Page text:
Encrypted BTRFS with bootable snapshots

Upon facing an issue preventing me from booting to my openSUSE Tumbleweed installed on Thinkpad T470s I found out that despite I’m using BTRFS, I don’t have bootable snapshots. I have no idea why, I thought it should be managed automatically by snapper and grub.

Nevertheless, if I don’t solve the issue linked above, I’ll need to reinstall the laptop since I need it functional. This time I will probably try Leap 42.3 instead of Tumbleweed but I haven’t decided yet and either way I really want to have bootable BTRFS snapshots on an encrypted drive. What setup would you recommend?

Assumptions:

  • It needs to be a dual boot with the already installed Windows 10.
  • The Linux partition needs to be encrypted.
  • I want automatic snapshots (e.g. pre-update) that are bootable and easily selectable from Grub.
  • If it can be helped, I want to only type my password once (i.e. not once to unlock grub and then again to unlock root for boot). Not sure if this is doable without separate /boot partition.

Current setup of my SSD:

> sudo fdisk -l /dev/nvme0n1
Disk /dev/nvme0n1: 477 GiB, 512110190592 bytes, 1000215216 sectors
Units: sectors of 1 * 512 = 512 bytes
Sector size (logical/physical): 512 bytes / 512 bytes
I/O size (minimum/optimal): 512 bytes / 512 bytes
Disklabel type: dos
Disk identifier: 0xef7fc9f1

Device         Boot     Start        End   Sectors   Size Id Type
/dev/nvme0n1p1           2048    1026047   1024000   500M  7 HPFS/NTFS/exFAT
/dev/nvme0n1p2 *      1026048  369666047 368640000 175.8G  7 HPFS/NTFS/exFAT
/dev/nvme0n1p3      369666048  370491391    825344   403M 83 Linux
/dev/nvme0n1p4      370491392 1000214527 629723136 300.3G 8e Linux LVM

Any advice?

This is doable although with some manual intervention. To have rollback support (note that you can have snapshots always, this is not really a problem; I presume you want support for booting into snapshots) you need /boot on root filesystem, so you need to unlock it in grub. To avoid prompt for passphrase in Linux you can add second key and place it on initrd; it is possible to configure dracut to use this file to unlock root. At least I was successful for proof of concept. I think I described this in one of recent discussions, do not have reference handy … I think it is here: How to automatically unlock LUKS encrypted root with a keyfile from a USB - Install/Boot/Login - openSUSE Forums You can ignore external USB, it just adds more complication, but idea is to have keyfile that is then copied to initrd.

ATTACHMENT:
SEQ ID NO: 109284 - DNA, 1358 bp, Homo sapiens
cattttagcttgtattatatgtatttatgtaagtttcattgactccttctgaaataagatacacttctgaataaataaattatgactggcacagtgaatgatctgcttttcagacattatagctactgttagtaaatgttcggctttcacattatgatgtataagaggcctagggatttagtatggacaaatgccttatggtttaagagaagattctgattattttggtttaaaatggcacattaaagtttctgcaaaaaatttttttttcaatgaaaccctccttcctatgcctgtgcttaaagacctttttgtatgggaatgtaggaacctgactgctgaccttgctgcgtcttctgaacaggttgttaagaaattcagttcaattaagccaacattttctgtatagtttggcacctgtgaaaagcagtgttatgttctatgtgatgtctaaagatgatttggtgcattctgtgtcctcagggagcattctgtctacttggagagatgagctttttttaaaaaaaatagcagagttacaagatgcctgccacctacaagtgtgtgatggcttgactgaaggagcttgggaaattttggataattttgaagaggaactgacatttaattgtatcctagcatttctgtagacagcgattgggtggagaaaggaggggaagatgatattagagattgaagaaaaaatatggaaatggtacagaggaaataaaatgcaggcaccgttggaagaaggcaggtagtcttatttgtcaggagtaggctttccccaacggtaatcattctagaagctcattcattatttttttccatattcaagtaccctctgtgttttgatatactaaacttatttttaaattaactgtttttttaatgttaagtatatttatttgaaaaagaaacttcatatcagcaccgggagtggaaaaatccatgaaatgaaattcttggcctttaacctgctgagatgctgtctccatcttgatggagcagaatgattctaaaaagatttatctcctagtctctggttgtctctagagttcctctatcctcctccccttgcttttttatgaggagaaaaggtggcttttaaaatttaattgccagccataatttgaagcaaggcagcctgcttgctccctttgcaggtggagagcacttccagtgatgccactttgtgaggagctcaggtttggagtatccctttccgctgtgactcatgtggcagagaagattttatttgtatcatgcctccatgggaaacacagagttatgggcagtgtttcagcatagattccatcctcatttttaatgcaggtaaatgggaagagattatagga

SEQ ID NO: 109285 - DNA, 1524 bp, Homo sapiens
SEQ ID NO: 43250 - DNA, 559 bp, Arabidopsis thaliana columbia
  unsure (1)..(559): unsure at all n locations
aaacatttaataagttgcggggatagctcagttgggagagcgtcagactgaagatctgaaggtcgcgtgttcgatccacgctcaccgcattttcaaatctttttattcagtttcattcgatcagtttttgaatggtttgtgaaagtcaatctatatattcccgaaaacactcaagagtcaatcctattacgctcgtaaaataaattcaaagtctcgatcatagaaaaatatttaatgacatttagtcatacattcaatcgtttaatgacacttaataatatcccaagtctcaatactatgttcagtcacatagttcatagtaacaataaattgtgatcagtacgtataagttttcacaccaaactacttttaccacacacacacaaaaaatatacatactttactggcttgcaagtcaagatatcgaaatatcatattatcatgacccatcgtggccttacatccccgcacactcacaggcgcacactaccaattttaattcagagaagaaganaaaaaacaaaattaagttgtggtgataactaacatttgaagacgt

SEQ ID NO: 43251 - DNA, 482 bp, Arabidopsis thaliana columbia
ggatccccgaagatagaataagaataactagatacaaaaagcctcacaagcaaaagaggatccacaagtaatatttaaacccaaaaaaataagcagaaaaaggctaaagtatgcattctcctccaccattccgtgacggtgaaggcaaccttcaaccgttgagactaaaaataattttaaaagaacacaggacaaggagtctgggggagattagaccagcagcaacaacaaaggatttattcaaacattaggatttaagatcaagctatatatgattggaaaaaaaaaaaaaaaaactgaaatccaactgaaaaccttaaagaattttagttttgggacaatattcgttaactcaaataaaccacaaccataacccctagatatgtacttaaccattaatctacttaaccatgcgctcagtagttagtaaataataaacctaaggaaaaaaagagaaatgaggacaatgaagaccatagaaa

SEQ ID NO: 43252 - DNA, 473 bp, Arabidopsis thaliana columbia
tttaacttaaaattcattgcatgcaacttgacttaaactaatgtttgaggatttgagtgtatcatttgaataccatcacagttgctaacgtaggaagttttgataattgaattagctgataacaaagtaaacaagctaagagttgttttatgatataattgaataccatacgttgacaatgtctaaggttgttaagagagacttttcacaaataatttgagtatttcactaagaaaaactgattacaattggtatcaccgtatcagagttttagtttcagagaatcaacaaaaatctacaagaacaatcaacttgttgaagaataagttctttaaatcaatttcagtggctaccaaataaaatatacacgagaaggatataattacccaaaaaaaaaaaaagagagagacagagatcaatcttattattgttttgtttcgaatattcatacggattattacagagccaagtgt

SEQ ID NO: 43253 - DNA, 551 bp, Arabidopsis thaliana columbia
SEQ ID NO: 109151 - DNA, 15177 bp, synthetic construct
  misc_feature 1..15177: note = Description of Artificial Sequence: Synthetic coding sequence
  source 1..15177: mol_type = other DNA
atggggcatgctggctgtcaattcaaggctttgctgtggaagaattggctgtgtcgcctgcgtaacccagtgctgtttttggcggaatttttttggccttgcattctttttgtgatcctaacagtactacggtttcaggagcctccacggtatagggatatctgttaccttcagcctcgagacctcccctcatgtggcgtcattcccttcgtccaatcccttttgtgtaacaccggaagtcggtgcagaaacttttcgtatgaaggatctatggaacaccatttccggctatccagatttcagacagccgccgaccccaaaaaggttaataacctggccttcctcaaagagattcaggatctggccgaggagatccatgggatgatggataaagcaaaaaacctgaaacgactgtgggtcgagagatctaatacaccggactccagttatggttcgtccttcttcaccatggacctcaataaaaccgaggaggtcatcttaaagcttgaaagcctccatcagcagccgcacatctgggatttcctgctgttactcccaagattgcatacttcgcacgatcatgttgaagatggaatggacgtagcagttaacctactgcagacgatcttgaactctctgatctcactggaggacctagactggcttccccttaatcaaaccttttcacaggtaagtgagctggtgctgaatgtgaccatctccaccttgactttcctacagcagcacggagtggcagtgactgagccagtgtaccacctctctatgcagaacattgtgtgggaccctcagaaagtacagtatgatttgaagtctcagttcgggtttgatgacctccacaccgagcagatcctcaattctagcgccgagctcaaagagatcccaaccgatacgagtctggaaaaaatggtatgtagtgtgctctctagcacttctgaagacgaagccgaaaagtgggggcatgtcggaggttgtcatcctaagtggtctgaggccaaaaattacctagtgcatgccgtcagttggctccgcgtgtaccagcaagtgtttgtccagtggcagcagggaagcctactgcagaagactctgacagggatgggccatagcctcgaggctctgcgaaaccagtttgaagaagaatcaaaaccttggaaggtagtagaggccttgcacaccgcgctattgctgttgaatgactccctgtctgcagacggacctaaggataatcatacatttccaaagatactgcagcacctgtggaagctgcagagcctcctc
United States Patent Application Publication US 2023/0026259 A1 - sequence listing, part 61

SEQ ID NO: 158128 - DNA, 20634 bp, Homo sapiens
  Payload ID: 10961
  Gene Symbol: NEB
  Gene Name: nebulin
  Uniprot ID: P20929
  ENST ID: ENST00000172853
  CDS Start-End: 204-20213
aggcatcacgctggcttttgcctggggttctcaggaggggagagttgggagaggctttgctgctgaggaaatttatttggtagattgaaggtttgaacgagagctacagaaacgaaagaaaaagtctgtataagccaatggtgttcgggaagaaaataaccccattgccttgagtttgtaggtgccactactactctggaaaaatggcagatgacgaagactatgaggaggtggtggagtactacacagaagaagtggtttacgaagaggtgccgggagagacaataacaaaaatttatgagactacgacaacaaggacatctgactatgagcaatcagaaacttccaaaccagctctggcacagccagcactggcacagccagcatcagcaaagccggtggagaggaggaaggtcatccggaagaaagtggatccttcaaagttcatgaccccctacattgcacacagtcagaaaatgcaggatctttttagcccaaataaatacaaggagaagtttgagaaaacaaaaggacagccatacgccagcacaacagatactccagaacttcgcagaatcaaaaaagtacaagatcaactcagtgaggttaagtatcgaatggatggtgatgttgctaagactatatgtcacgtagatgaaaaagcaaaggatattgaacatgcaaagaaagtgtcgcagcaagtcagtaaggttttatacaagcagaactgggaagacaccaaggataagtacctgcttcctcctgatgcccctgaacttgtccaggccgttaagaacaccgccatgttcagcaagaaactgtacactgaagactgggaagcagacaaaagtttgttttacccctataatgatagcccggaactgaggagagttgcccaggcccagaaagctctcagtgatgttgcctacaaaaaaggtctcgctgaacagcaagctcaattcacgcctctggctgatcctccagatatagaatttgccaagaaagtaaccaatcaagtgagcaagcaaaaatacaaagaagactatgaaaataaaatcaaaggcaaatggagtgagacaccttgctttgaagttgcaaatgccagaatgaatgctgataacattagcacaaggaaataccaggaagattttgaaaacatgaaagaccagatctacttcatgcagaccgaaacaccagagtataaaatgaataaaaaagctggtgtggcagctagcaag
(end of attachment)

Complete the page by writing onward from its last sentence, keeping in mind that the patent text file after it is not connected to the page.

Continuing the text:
Thanks. Is the manual intervention done once and then lasts “forever” or does it need to be fixed e.g. after each kernel update etc.?

Can you please explain why the /boot needs to be on the same btrfs partition to have bootable snapshots from grub? If I remember correctly, I had this with a separate /boot on Debian some time ago.

Also sub-question. If I have Leap installed already with separate /boot partition, is it easily doable to move /boot to the btrfs partition and start using the bootable snapshots or is reinstall an easier way?

It should be once only.

Can you please explain why the /boot needs to be on the same btrfs partition to have bootable snapshots from grub?

Because kernels are in /boot and you need matching modules. Otherwise rolling back to previous snapshot will likely lose modules for kernel currently present in /boot.

If I remember correctly, I had this with a separate /boot on Debian some time ago.

I cannot discuss what I have not seen.

Also sub-question. If I have Leap installed already with separate /boot partition, is it easily doable to move /boot to the btrfs partition and start using the bootable snapshots?

It is easy to move /boot into /, but it requires some additional subvolume setup that is not really documented anywhere so if possible, reinstalling is more simple.

OK, I admit that I’ve always found partitioning in the openSUSE installer very confusing so maybe I’m doing something wrong but in Leap 42.3 installer I edited the “proposed settings” like this:

  • Encrypted LVM-based proposal
  • Btrfs with snapshots enabled for root partition
  • Do not propose separate home partition
  • Do not enlarge swap for suspend.

When I confirm this selection though, the installer proposes a separate ext4 partition for /boot. Why would it do so? As far as I understand this thread, I can’t have bootable snapshots with separate /boot. Are bootable snapshots not what the default setup should include?

Couldn’t another not-encrypted btrfs partition do the same service though?

Are you using EFI or legacy BIOS?

Couldn’t another not-encrypted btrfs partition do the same service though?

I do not understand this question.

Legacy. Does this make a difference?

If I understand it correctly, I need /boot on btrfs to make sure that the kernels there are in sync with the modules in / if I want to boot into another snapshot. Therefore I asked whether the /boot btrfs subvolume must be on the same partition as the / or if it is possible to have two separate btrfs partitions (one not-encrypted for /boot and one encrypted for the rest) that would both have “synchronized” snapshots - therefore I could select respective snapshots on these two partitions for boot.

It’s mostly a theoretical question whether this way can lead to typing password only once while booting.

Yes. For some reasons installer only offers encrypted /boot on EFI. You can go to expert partitioner and delete /boot partition and it should work.

if it is possible to have two separate btrfs partitions … that would both have “synchronized” snapshots

snapper assumes one partition for root; I do not think it supports it.

Thanks for the explanation.

So finally I solved my original problem and so now re-installing is not the only option thankfully. Could you please point me to any relevant sources regarding this subvolume setup?